Game and Playe of the Chesse - A Verbatim Reprint of the First Edition, 1474
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Game and Playe of the Chesse - A Verbatim Reprint of the First Edition, 1474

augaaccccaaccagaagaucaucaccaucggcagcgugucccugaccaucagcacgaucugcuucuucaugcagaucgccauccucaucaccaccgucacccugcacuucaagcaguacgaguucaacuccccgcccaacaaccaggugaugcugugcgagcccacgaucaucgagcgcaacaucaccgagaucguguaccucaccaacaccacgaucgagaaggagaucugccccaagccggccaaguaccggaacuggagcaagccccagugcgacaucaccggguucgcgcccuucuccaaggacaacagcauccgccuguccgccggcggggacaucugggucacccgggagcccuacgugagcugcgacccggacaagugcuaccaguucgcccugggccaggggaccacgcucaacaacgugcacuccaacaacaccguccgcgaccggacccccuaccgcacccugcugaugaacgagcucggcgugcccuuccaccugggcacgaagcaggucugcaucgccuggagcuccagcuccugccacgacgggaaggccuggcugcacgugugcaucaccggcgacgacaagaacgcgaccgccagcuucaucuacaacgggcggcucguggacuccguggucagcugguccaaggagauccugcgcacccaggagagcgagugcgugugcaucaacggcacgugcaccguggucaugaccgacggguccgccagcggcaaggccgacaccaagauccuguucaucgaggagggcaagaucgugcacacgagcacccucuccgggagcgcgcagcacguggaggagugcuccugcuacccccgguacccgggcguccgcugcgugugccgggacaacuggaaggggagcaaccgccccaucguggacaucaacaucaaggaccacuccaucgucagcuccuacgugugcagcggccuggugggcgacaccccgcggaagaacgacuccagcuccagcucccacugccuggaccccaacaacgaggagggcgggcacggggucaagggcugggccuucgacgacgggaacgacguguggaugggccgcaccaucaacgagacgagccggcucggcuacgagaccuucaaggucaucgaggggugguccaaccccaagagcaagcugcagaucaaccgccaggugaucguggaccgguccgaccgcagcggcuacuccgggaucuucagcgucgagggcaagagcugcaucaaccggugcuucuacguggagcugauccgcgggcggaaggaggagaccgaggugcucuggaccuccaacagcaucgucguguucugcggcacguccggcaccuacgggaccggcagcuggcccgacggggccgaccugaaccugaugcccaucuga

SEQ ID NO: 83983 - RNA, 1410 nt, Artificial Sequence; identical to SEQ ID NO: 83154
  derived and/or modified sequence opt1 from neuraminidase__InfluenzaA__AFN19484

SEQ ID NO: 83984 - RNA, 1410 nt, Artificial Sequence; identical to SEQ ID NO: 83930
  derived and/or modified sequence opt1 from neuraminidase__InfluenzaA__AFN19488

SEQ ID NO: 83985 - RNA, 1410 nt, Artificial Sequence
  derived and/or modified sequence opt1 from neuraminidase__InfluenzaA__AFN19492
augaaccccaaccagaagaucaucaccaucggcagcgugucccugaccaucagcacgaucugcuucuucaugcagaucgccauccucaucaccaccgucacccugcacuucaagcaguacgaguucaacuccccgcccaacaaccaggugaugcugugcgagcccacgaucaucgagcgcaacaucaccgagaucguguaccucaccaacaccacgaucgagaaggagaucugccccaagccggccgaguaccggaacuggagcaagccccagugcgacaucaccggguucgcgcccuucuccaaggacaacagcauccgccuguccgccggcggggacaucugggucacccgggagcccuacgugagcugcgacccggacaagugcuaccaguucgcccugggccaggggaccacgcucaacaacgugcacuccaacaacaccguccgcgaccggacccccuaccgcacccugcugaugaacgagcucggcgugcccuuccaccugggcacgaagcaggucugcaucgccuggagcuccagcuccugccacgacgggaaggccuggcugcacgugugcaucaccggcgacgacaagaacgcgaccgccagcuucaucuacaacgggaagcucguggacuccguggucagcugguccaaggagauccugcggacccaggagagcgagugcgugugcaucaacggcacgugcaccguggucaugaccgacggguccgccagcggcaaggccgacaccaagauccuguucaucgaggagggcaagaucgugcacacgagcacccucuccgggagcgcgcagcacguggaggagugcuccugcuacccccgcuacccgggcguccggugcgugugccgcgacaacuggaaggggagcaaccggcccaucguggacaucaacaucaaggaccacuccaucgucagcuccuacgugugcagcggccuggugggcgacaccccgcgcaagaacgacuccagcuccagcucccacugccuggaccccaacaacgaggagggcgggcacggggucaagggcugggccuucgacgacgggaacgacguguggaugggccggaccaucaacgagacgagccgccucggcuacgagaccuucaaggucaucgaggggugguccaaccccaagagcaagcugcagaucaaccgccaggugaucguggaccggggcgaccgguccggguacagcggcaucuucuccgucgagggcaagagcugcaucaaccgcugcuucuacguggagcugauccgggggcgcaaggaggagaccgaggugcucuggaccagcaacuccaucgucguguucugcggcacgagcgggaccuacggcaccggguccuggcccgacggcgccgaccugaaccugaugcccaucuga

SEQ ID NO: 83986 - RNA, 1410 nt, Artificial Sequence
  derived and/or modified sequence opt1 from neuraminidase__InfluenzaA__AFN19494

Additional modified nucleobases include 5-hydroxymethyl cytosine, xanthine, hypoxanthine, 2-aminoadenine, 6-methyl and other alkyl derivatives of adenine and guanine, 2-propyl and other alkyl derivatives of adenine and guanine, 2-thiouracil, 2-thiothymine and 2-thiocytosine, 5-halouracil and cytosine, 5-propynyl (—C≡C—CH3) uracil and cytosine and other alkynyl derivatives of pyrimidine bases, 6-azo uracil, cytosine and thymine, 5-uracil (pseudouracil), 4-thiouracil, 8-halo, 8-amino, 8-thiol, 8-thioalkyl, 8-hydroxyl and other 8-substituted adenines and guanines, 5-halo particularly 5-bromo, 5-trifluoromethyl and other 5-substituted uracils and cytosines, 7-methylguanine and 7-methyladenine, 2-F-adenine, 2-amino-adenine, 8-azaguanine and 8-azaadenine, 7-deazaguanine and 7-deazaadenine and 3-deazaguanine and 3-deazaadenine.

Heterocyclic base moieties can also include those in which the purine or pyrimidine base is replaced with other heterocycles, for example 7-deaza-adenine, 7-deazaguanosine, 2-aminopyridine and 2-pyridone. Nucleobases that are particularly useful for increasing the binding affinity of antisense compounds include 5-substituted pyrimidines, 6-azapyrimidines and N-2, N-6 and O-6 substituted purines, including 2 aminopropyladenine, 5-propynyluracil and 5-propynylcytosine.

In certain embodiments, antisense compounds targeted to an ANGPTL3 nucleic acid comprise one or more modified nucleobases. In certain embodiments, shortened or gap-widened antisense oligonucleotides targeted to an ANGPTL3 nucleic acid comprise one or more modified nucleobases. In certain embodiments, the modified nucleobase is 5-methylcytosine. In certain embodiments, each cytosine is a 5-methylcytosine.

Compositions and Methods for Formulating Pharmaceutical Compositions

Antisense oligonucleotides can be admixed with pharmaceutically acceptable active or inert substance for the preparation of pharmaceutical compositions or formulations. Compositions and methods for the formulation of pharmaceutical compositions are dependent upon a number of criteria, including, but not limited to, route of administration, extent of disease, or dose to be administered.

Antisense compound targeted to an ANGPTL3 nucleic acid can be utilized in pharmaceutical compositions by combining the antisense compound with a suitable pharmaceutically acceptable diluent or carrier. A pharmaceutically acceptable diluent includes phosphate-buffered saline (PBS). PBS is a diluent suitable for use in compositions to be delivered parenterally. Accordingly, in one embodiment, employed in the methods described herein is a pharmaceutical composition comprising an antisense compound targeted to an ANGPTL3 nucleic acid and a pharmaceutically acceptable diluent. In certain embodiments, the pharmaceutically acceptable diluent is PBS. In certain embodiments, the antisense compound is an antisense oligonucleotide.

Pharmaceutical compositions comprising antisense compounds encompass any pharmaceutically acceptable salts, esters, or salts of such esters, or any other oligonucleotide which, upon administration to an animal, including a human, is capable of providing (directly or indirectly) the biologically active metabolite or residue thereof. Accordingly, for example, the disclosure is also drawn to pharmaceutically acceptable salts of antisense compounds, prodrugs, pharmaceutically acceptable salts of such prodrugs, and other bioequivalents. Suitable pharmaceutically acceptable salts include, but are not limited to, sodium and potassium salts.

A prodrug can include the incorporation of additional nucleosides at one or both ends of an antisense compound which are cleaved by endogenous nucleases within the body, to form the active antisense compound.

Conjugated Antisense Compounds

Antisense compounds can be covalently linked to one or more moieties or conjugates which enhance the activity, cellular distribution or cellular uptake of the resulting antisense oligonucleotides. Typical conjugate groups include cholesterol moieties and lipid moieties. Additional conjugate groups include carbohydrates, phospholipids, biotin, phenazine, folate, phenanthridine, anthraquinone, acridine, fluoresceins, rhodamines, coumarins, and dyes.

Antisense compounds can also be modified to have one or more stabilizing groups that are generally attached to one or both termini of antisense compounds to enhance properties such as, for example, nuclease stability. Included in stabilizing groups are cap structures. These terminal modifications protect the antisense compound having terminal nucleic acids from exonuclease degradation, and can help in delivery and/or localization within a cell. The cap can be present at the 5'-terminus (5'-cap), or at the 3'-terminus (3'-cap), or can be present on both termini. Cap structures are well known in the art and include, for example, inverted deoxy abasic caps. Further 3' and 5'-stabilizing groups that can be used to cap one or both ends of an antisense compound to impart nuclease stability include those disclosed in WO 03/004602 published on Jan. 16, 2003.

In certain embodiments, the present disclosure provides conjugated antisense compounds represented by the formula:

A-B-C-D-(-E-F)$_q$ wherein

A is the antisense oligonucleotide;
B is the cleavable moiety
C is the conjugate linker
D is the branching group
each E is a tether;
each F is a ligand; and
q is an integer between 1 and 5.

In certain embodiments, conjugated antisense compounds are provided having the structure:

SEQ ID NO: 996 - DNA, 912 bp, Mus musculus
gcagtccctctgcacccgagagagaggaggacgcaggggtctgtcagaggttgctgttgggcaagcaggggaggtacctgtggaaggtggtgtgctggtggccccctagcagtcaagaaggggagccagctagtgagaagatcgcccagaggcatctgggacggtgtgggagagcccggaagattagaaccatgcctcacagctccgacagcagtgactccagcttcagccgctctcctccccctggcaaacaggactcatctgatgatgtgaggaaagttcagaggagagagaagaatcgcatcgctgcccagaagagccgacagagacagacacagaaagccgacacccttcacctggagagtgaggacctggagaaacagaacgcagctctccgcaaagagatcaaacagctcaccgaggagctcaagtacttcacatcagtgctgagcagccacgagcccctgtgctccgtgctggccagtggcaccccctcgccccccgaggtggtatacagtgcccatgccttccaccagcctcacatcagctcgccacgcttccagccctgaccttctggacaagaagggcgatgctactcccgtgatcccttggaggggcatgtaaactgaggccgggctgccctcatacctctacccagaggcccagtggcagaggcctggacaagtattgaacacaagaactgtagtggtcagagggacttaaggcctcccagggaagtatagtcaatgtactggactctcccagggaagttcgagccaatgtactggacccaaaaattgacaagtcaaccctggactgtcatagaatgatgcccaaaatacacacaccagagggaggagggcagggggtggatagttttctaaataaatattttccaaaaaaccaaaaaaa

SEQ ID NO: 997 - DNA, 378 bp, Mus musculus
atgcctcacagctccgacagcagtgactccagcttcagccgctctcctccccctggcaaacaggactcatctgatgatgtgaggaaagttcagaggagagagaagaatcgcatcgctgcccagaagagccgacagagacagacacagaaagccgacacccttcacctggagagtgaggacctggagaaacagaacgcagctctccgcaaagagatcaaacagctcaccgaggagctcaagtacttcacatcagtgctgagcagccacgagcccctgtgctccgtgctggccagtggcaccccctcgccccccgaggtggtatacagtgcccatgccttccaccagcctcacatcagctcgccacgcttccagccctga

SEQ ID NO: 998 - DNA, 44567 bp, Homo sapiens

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The Project Gutenberg EBook of Game and Playe of the Chesse, by Caxton This eBook is for the use of anyone anywhere at no cost and with almost no restrictions whatsoever. You may copy it, give it away or re-use it under the terms of the Project Gutenberg License included with this eBook or online at Title: Game and Playe of the Chesse A Verbatim Reprint Of The First Edition, 1474 Author: Caxton Release Date: January 11, 2004 [EBook #10672] Language: English Character set encoding: ISO-8859-1 *** START OF THIS PROJECT GUTENBERG EBOOK GAME AND PLAYE OF THE CHESSE *** Produced by Jonathan Ingram, Debra Storr and PG Distributed Proofreaders CAXTON'S GAME AND PLAYE OF THE CHESSE. 1474. A VERBATIM REPRINT OF THE FIRST EDITION. WITH AN INTRODUCTION BY WILLIAM E.A. AXON, M.R.S.L. "And ther was founde by clerkes full prudent Of the chesse the play most glorious." JOHN LYDGATE. LONDON: ELLIOT STOCK, 62, PATERNOSTER ROW, E.C. 1883. [Transcribers Note: This is a reprint of Caxton's 1474 original. "Englifh" long s's which look very similar to f's have been transposed to s's for readability; yogh (looks like a mutated 3) has been rendered as a 3; thorn, þ, has been left as such and macrons over letters are given as e.g. [=o]. Otherwise the text has been left as is. The original punctutation has been preseved. Virgula suspensiva, shown here as / was in common use from the thirteenth to the seventeenth century. Often used for short pauses (such as the cæsura in the middle of a line of poetry), but sometimes was used as equivalent to the punctus. '9 represents a superscripted 9 and is an ancestor to the modern apostrophe. It usually indicates the omission of a terminal -us. A small amount of text in this edition is in Blackletter, which was used in the Caxton original, and these sections have been marked up as such. The book contains many attractive illustrations copied from the Caxton original and an HTML version exists to give a better representation of this.] CONTENTS INTRODUCTION. Jonathon Oldbuck on the Game of Chess, 1474 The First Edition: copies in libraries and at sales Where was it printed? Caxton's account of the translation The Second Edition: copies in libraries and at sales Sermons on Chess Ægidius Romanus, his life and his book: "De Regimine Principum" Occleve's imitation William Caxton as a translator Bibliography of the Chess Book: Colonna Cessoles Ferron and De Vignay Conrad van Ammenhaufen Mennel Heinrich von Beringen Stephan Caxton Sloane The scope and language of the Chess-book Authors quoted and named Biblical names and allusions Xerxes the inventor of Chess! Sidrac John the monk Truphes of the Philosophers Helinand Classical allusions Mediæval allusions and stories John of Ganazath St. Bernard The dishonest trader The drunken hermit A violent remedy Murder of Nero Theodorus Cyrenaicus Democritus of Abdera Socrates disguised Didymus and raised letters for the blind Shaksperean etymology Caxton at Ghent The history of Chess The ethical aim of the writer of the Chess-book Ferron and De Vignay's "Jeu d'Echecs" Jacques de Cessoles: "Liber de Moribus hominum" THE GAME OF THE CHESSE. Dedication to the Duke of Clarence Prologue to second edition BOOK I. This booke conteyneth. iiii. traytees/ The first traytee is of the Invencion of this playe of the chesse/ and conteyneth. iii. chapitres. The first chapitre is under what kynge this play was founden. The .ii. chapitre/ who fonde this playe. The .iii. chapitre/ treteth of. iii. causes why hit was made and founden. BOOK II. The seconde traytee treteth of the chesse men/ and conteyneth .v. chapitres. The first chapitre treteth of the forme of a kynge and of suche thinges as apperteyn to a kynge. The .ii. chapitre treteth of y'e quene & her forme & maners. The .iii. chapitre of the forme of the alphins and her offices and maners. The .iiii. chapitre is of the knygth and of his offices. The .v. is of the rooks and of their maners and offices. BOOK III. The thirde traytee is of the offices of the comyn peple And hath .viii. chapitres. The first chapitre is of the labourers & tilinge of the erthe. The .ii. of smythis and other werkes in yron & metall. The .iii. is of drapers and makers of cloth & notaries. The .iiii. is of marchantes and chaungers. The .v. is of phisicyens and cirugiens and apotecaries. The .vi. is of tauerners and hostelers. The .vii. is of y'e gardes of the citees & tollers & customers. The .viii. is of ribauldes disepleyars and currours. BOOK IV. The .iiii. traytee is of the meuyng and yssue of them And hath .viii. chapitres. The first is of the eschequer. The seconde of the yssue and progression of the kynge. The thirde of the yssue of the quene. [Transcribers note: Original mislabels 3rd chapter as a second 2nd chapter] The fourth is of the yssue of the alphyns. The fifth is of the yssue of the knyghtes. The sixty chapitre of the yssue of the rooks. The seuenth is of the meuynge & yssue of the comyn peple. And the eyght and laste chapitre is of the epilegacion and of the recapitulacion of all these forsaid chapitres. GLOSSARY INDEX INTRODUCTION The readers of the "Antiquary" will remember the anecdote told with so much effusion by Jonathan Oldbuck. '"Davy Wilson," he said, "commonly called Snuffy Davy, from his inveterate addiction to black rappee, was the very prince of scouts for searching blind alleys, cellars, and stalls, for rare volumes. He had the scent of a slow-hound, sir, and the snap of a bull-dog. He would detect you an old black-letter ballad among the leaves of a law-paper, and find an editio princeps under the mask of a school Corderius. Snuffy Davy bought the 'Game of Chess, 1474,' the first book ever printed in England, from a stall in Holland for about two groschen, or two-pence of our money. He sold it to Osborne for twenty pounds, and as many books as came to twenty pounds more. Osborne re-sold this inimitable windfall to Dr. Askew for sixty guineas. At Dr. Askew's sale," continued the old gentleman, kindling as he spoke, "this inestimable treasure blazed forth in its full value and was purchased by Royalty itself for one hundred and seventy pounds! Could a copy now occur, Lord only knows," he ejaculated with a deep sigh and lifted-up hands, "Lord only knows what would be its ransom; and yet it was originally secured, by skill and research, for the easy equivalent of two-pence sterling."' Sir Walter Scott in a footnote adds:--"This bibliomaniacal anecdote is literally true; and David Wilson, the author need not tell his brethren of the Roxburghe and Bannatyne Clubs, was a real personage." Mr. Blades, whose iconoclastic temper is not moved to mercy even by this good story, says that although it "looks like a true bibliographical anecdote," its appearance is deceptive, and that "not a single statement is founded on fact."[1] Jonathan Oldbuck did not venture to estimate the sum that would ransom a copy of the "Game of Chesse," and the world of the bibliomania has moved even since his days, so that prices which seemed fabulous, and were recounted with a sort of awe-struck wonder, have been surpassed in these latter days, and the chances of any successor of "Snuffy Davy" buying a Caxton for two groschen have been greatly reduced. According to Mr. William Blades, our latest and best authority on the subject, there are but ten copies known of the first edition of the "Chesse" book.[2] There is a perfect copy in the King's Library in the British Museum. This is what ought to be Snuffy Davy's copy. A previous owner--R. Boys--has noted that it cost him 3s. The copy in the Grenville Library has the table and last leaf supplied in facsimile. The copy in the Public Library at Cambridge is defective to the extent of five leaves. The Bodleian copy wants the last leaf. The Duke of Devonshire's copy formerly belonged to Roger Wilbraham, and the first and eighth leaves leaf. The Duke of Devonshire's copy formerly belonged to Roger Wilbraham, and the first and eighth leaves are supplied in facsimile. The exemplar belonging to the Earl of Pembroke is perfect, "but on weak and stained paper." Earl Spencer's copy is perfect, clean, and unusually large. Mr. H. Cunliffe's copy came from the Alchorne and Inglis Libraries, and wants the first two printed leaves, two near the end, and the last two. Mr. J. Holford's copy is perfect and in its original binding. It was once in the library of Sir Henry Mainwaring of Peover Hall, as his bookplate shows. On a fly-leaf is written, "Ex dono Thomæ Delves, Baronett 1682." The copy belonging to the Rev. Edward Bankes is imperfect, and wants the dedicatory leaf and is slightly wormed. The book, when complete, consists of eight quaternions or eight leaves folded together and one quinternion or section of five sheets folded together, making in all seventy-four leaves, of which the first and last are blank. The only type used throughout is that styled No. 1 by Mr. Blades. The lines are not spaced out; the longest measure five inches; a full page has thirty-one lines. Without title-page, signatures, numerals, or catch-words. The volume, as already mentioned, begins with a blank leaf, and on the second recto is Caxton's prologue, space being left for a two-line initial, without director. The text begins with a dedication:--"(T)o the right noble/ right excellent & vertuous prince George duc of Clarence Erl of Warwyk and of Salisburye/ grete chamberlayn of Englond & leutenant of Ireland oldest broder of kynge Edward by the grace of god kynge of England and of France/ your most humble servant william Caxton amonge other of your servantes sendes unto yow peas. helthe. Joye and victorye upon your Enemyes/ Right highe puyssant and." The text ends on the seventy-third recto, thus:--"And sende yow thaccomplisshement of your hye noble. Joyous and vertuous desirs Amen:/: Fynysshid the lastday of Marche the yer of our lord god. a. thousand foure honderd and LXXIIII. *. *. *. *." The seventy-fourth leaf is blank. It is unnecessary to say that this book seldom comes into the market. The recorded sales are very few. In 1682 R. Smith sold a perfect copy for 13s. 2d. In 1773 J. West's copy was bought by George III. for.£32 0s. 6d. Alchorne's imperfect copy was bought by Inglis for £54 12s., and at the sale of his books found a purchaser in Lord Audley for £31 10s., and was again transferred, in 1855, to the possession of Mr. J. Cunliffe for £60 l0s. 0d.[3] Mr. J. Holford's copy was bought at the Mainwaring sale for £101. The last copy offered for sale was described in one of Mr. Bernard Quaritch's catalogues issued in 1872, and the account given by that veteran bibliopole is well worth reproduction. CAXTON'S GAME AND PLAY OF CHESS MORALIZED, (translated 1474) FIRST EDITION, folio, 65 LEAVES (of the 72), bound in old ruffia gilt, £400. [Blackletter: Fynyshid the last day of Marche the yer of our Lord God, a thousande, foure hondred and lcciiiii...] An extremely large, though somewhat imperfect copy of THE FIRST BOOK PRINTED IN ENGLAND, from Caxton's press. Mr. Blades quotes 9 copies (4 perfect, 5 imperfect), the present is the 10th known copy, and is TALLER than even the Grenville--hitherto the tallest known copy; my copy measures 11-1/8 inch in height by 8 in width, whilst the Grenville copy (also imperfect) is only 11 inches high. COLLATION of my copy: [Blackletter: This Booke conteyneth iiii traytees] 1 leaf [Blackletter: This first chapiter of the first tractate] 1 leaf [Blackletter: The trouthe for to do Justice right wysly,] etc. to the end 62 leaves The last leaf with the date: [Blackletter: In conquerynge his rightful inheritance,] ending: [Blackletter: fynyshed], etc. 1474 1 leaf ------------65 leaves. My copy wants therefore 7 leaves, the two blank ones being out of question. The imperfections include the first leaf, and two leaves in the second chapitre of the fourth tractate, the end is all right. I should be glad to hear of any IMPERFECT COPY of this work, which would supply me with what I want. In the mean time this precious relic of the Infancy of Printing in England can be feen by BUYERS of Rare books. See Dibdin's Bibl. Spenc. IV. p. 189. No copy of this edition has been sold for years; in 1813, Alchorne's copy, wanting first two leaves, the last two leaves and two leaves in the second chapter of the fourth tractate, fetched at Evans', £54. 12s. The value of this class of books has much risen since then, and may now be considered, as ten times greater. In comparing the first edition of "Caxton's Game of Chess" with the second, one perceives many variations in the spelling. I confider the first edition to be the more interesting, for a variety of reasons: 1. It is the first book printed in England. 2. It is the Editio princeps of the English version. 3. It shows the Art of Printing in its crudest form. 4. It has a Post-script not in the second edition. Both editions run on together to the passage on the last page of the second edition: [Blackletter: And a mon that lyvyth in thys world without vertues lyveth not as a man but as a beste.] The first edition ends thus: [Blackletter: And therefore my right redoubted Lord I pray almighty god to save the Kyng our soverain lord to gyve him grace to yssue as a Kynge tabounde in all vertues/ to be assisted with all other his lordes in such wyse yn his noble royame of England may prospere/ habounde in vertues and yn synne may be eschewid justice kepte/ the royame defended good men rewarded malefactours punyshid the ydle peple to be put to laboure that he wyth the nobles of the royame may regne gloriously. In conquerynge his rightfull inheritaunce / that verraypeas and charitie may endure in both his royames and that marchandise may have his cours in suche wise that every man eschewe synne/ and encrese in vertuous occupacions / Praynge your good grace to resseyve this lityll and symple book made under the hope and shadow of your noble protection by hym that is your most humble servant in gree and thanke. And I shall praye almighty god for your long lyf & welfare / which he preserve And sende now thaccomplishment of your hye noble joyous and vertuous desirs Amen:|: Fynysshid the last day of marche the yer of our lord god a. thousand four hondred and lxxiiii. *.:.:.*.] The second edition ends thus: [Blackletter: Thenne late every man of what condycion he be that redyth or herith this litel book redde. take therby ensaumple to amend hym. Explicit per Caxton.] This copy came from the library of Mr. L.M. Petit.[4] It will be noticed that Mr. Quaritch calls the editio princeps of Caxton's "Game and Play of the Chesse" the first book printed in England. This was the general opinion of bibliographers before the investigations of Mr. Blades. Dibdin, although he seems to have had some doubt, pronounced in favour of that view. Yet it is clearly erroneous. The only materials for judgment are those afforded by the colophon and the prologue to the second edition, with the silent but eloquent testimony of typography. Caxton ends the first edition with the words:--"Fynysshid the last day of Marche the yer of our lord god a thousand four hondred and LXXIIII." The word "fynysshid," as Mr. Blades observes, "has doubtless the same signification here as in the epilogue to the second book of Caxton's translation of the Histories of Troy, 'Begonne in Brugis, contynued in Gaunt and finysshed in Coleyn,' which evidently refers to the translation only. The date, 14756, has been affixed, because in the Low Countries at that time the year commenced on Easter-day; this in 1474 fell on April 10th, thus giving, as the day of the conclusion of the translation, 31 March 1475, the same year being the earliest possible period of its appearance as a printed book." Then there is Caxton's own racy account of the circumstances under which the book first appeared:-"And emong alle other good werkys It is a werke of ryght special recomendacion to enforme and to late vnderstonde wysedom and vertue vnto them that be not lernyd ne can not dyscerne wysedom fro folye Th[=e]ne emonge whom there was an excellent doctour of dyuynyte in the royame of fraunce of the ordre of thospytal of Saynt Johns of Jherusalem which entended the same and hath made a book of the chesse moralysed whiche at suche tyme as I was resident in same and hath made a book of the chesse moralysed whiche at suche tyme as I was resident in brudgys in the counte of Flaundres cam into my handes/ whiche whan I had redde and ouerseen/ me semed ful necessarye for to be had in englisshe/ And in eschewyng of ydlenes And to thende that s[=o]me which haue not seen it/ ne [=v]nderstonde frenssh ne latyn J delybered in my self to translate it in to our maternal tonge/ And whan I so had achyeued the sayd translacion/ J dyde doo sette in enprynte a certeyn nombre of theym/ Whiche anone were depesshed and solde wherfore by cause thys sayd book is ful of holsom wysedom and requysyte vnto euery astate and degree/ J haue purposed to enprynte it/ shewyng therin the figures of suche persons as longen to the playe." It is clear from this that both the translation and printing belong to the period of Caxton's residence in Bruges. From the use of the instrumental form "dyde doo sette en enprynte" it might be thought that Caxton employed the services of some printer, but although commonly so employed, there are instances which will not bear this interpretation of its intention.[5] He either employed a printer or made some partnerfhip with one, and there are various indications that confirm Mr. Blades' theory that the book came from the press of Colard Mansion. The second edition is undoubtedly the work of our first English printer. "Explicit per Caxton" is the unambiguous statement of the colophon. It is a much more advanced specimen of typography than the first edition. It has signatures, of which a, b, c, d, e, f, g, h, i, are quaternions, k and l are terternions, making in all eighty-four leaves, of which the first is blank. There is no title-page, and the type used is that which Mr. Blades reckons as No. 2*. The lines are spaced out to an even length. There are twenty-nine lines to a full page, and the full line measures 4-7/8 inches. The prologue begins on a ij., and the table of chapters begins on the next page. The text begins on the recto of a iii. The text ends on the recto of l 6, the last page being blank. There are sixteen woodcuts in the volume, which are used twenty-four times. There has been some diversity of opinion as to the year in which this "Game of the Chesse" came from the press of Caxton. The book is not dated. Dibdin thought it one of the printer's earliest efforts. Figgins regarded it as the earliest issue of the Westminster press, and further believed that it was printed from cut metal types. This is not the view of Mr. Blades, who says: "An examination of the work, however, with a typographical eye does not afford a single evidence of very early workmanship. All Caxton's early books were uneven in the length of their lines--this is quite even. Not one of the early works had any signatures--this is signed throughout. These two features alone are quite sufficient to fix its date of impression at least as late as 1480, when Caxton first began the use of signatures; but when we find that every known copy of this edition of the 'Chess-Book' presents a thicker and more worn appearance than any one copy of any other book, there is good reason for supposing that this may have followed the 'Tulli' of 1481, and have been the last book for which Type No. 2* was used." [6] Mr. Blades describes nine known copies, so that even fewer exemplars remain of the second edition than of its predecessor. The copy in the King's Library in the British Museum is imperfect, wanting several leaves, and is mended in many places. The copy in the Pepysian Collection at Cambridge wants one-half of the last leaf. Trinity College, Cambridge, has a perfect copy, "but a bad impression." The Bodleian copy is defective in not having the last leaf. St. John's College, Oxford, has a copy, from which one-half of d iii. has been torn away. The Imperial Library at Vienna has an imperfect copy. The Duke of Devonshire's copy is perfect, but it is "a poor impression, and slightly stained." The Earl of Pembroke's copy is very imperfect. Earl Spencer's is only slightly imperfect. The prices fetched by the second edition have a sufficiently wide range. In 1698, at Dr. Bernard's sale, a copy fold for 1s. 6d. Farmer's copy in 1798 fetched £4 4s. Ratcliffe's copy was bought at his sale for £16 by Willett; and when his books came to the hammer in 1813, it was purchased by the Duke of Devonshire for £173 5s.[7] It is interesting to know that the copy of the second edition in the Bibliotheca Spenceriana formerly belonged to Laurence Sterne, who bought it for a few shillings at York![8] In the present reprint, the text followed is that of the first edition, transcribed from the copy in the British Museum; but the variations, alterations, and additions made in the second issue are all recorded in footnotes. The reader has, therefore, before him the work in all its fulness. The same reasons that have led to the adoption of this course have also decided the publisher to include facsimiles of the curious woodcuts which appeared in the second edition. These, although necessarily reductions in size, reproduce the quaint vigour of the originals. Caxton, we have seen, translated the "Game of the Chesse" from the French. There were in effect two, if not three, from which he may have taken his version. One of these is by Jean Faron, Perron, or Feron (as the name is variously spelled), a monk of the order of St. Dominic, of whom the notices are exceedingly scanty.[9] La Croix du Maine styles him "de l'Ordre des Frères Prescheurs ou Jacobins du Paris." La Monnaye says that the translation was made from the Latin of Cessoles, and was begun in the year 1347. It has not been printed.[10] The translation is considered a literal version of the Latin of Cessoles. The prologue of Perron's version is as follows:--"Chy ensuit le geu des Eschas moralisé, ouquel a plusiers exemples bien à noter. A noblehomme, Bertrand de Tarascon, frere Jehan Perron, de l'ordre des Freres precheurs de Paris, son petil et humble chappelain soy tout. Le Sainte Escripture dit que Dieux a fait a chascun commandement de pourchassier à tous nos prochains leur sauvement. Or est-il ainsi que nos prochains ne sont pas tout un, ains sont de diverses condicions, estas et manieres, sy comme il appert. Car les uns sont nobles; les aultres non: les aultres sont de cler engin; les aultres, non: les aultres sont enclins a devocion; les aultres, non. Et pour ce, affin que le commandement de Dieu soit mis à execution bien convenablement, il convient avoir plusiers voyes et baillier à chascun ce qui lui est plus convenable; et ainsi pourroit il le commandement de Dieu accomplir; .... Pour tant je, vostre petit chappelain, à vostre requeste, que je tieng pour commendement, vous ai volu translata de latin en français le Gieu des Eschas moralisé, que fist l'un de nos freres, appelé frere Jaques de Cossoles, maistre en divinité, si que vous l'entendés plus legierrement; et à exemple des nobles hystoires qui y sont notteés, veuillés maintenir, quant à vous, honnestement, et quant aux autres justement.... Or prenés done ce petit present, comencié le 4'e jour de May, l'an 1347." [11] That Caxton made use of Perron's version is clear. Thus Mr. Blades mentions the description of Evilmerodach as "un homme joly sans justice" as peculiar to Ferron, whose version he regards as the basis of the first and third chapters of Caxton's work. Dr. Van der Linde mentions a number of MSS.; in some the date is given as 1357, and in one as 1317. This version remains unprinted, but there are MSS. of it in the Bibliotheque Nationale, at Aosta, Cambrai, at Brussels, in the British Museum, Chartres, at Bern, and at Stockholm.[12] Dr. Van der Linde also describes a MS. on parchment of the fifteenth century, forming part of the national library at Paris, which contains the Game of Chess in verse. "Mès si d'esbat te prent tallant, Pren ton esbat déuement; Mès si à jouer vieulx attendre, Un noble jou te faulte attendre, C'est des echecs qui est licite Et à touz bien les gens incite." The author has concealed his name with an ingenuity that has so far defied penetration. "Nommez mon nom et mon surnom, Je ey escript tout environ, A vingt et dous lettres sans plus, Sera trouvé cy au dessus En enscript, et sans plus ne moins." On this it is only necesiary to quote the remarks of a French critic:--"Ou ne nous dit pas si c'est dans la suite même de la phrase, ou seulement en acrosticke, que se trouvent les vingt-deux lettres de ces nom mystérieux. Nous ne saurions former aucun nom avec les initiales des trente vers qui précèdent ceux que nous venons de citer; et le merite de l'ouvrage ne nous encourage pas à faire des longues recherches pour découvrir un nom que l'auteur a pris plaisir à nous cacher." [13]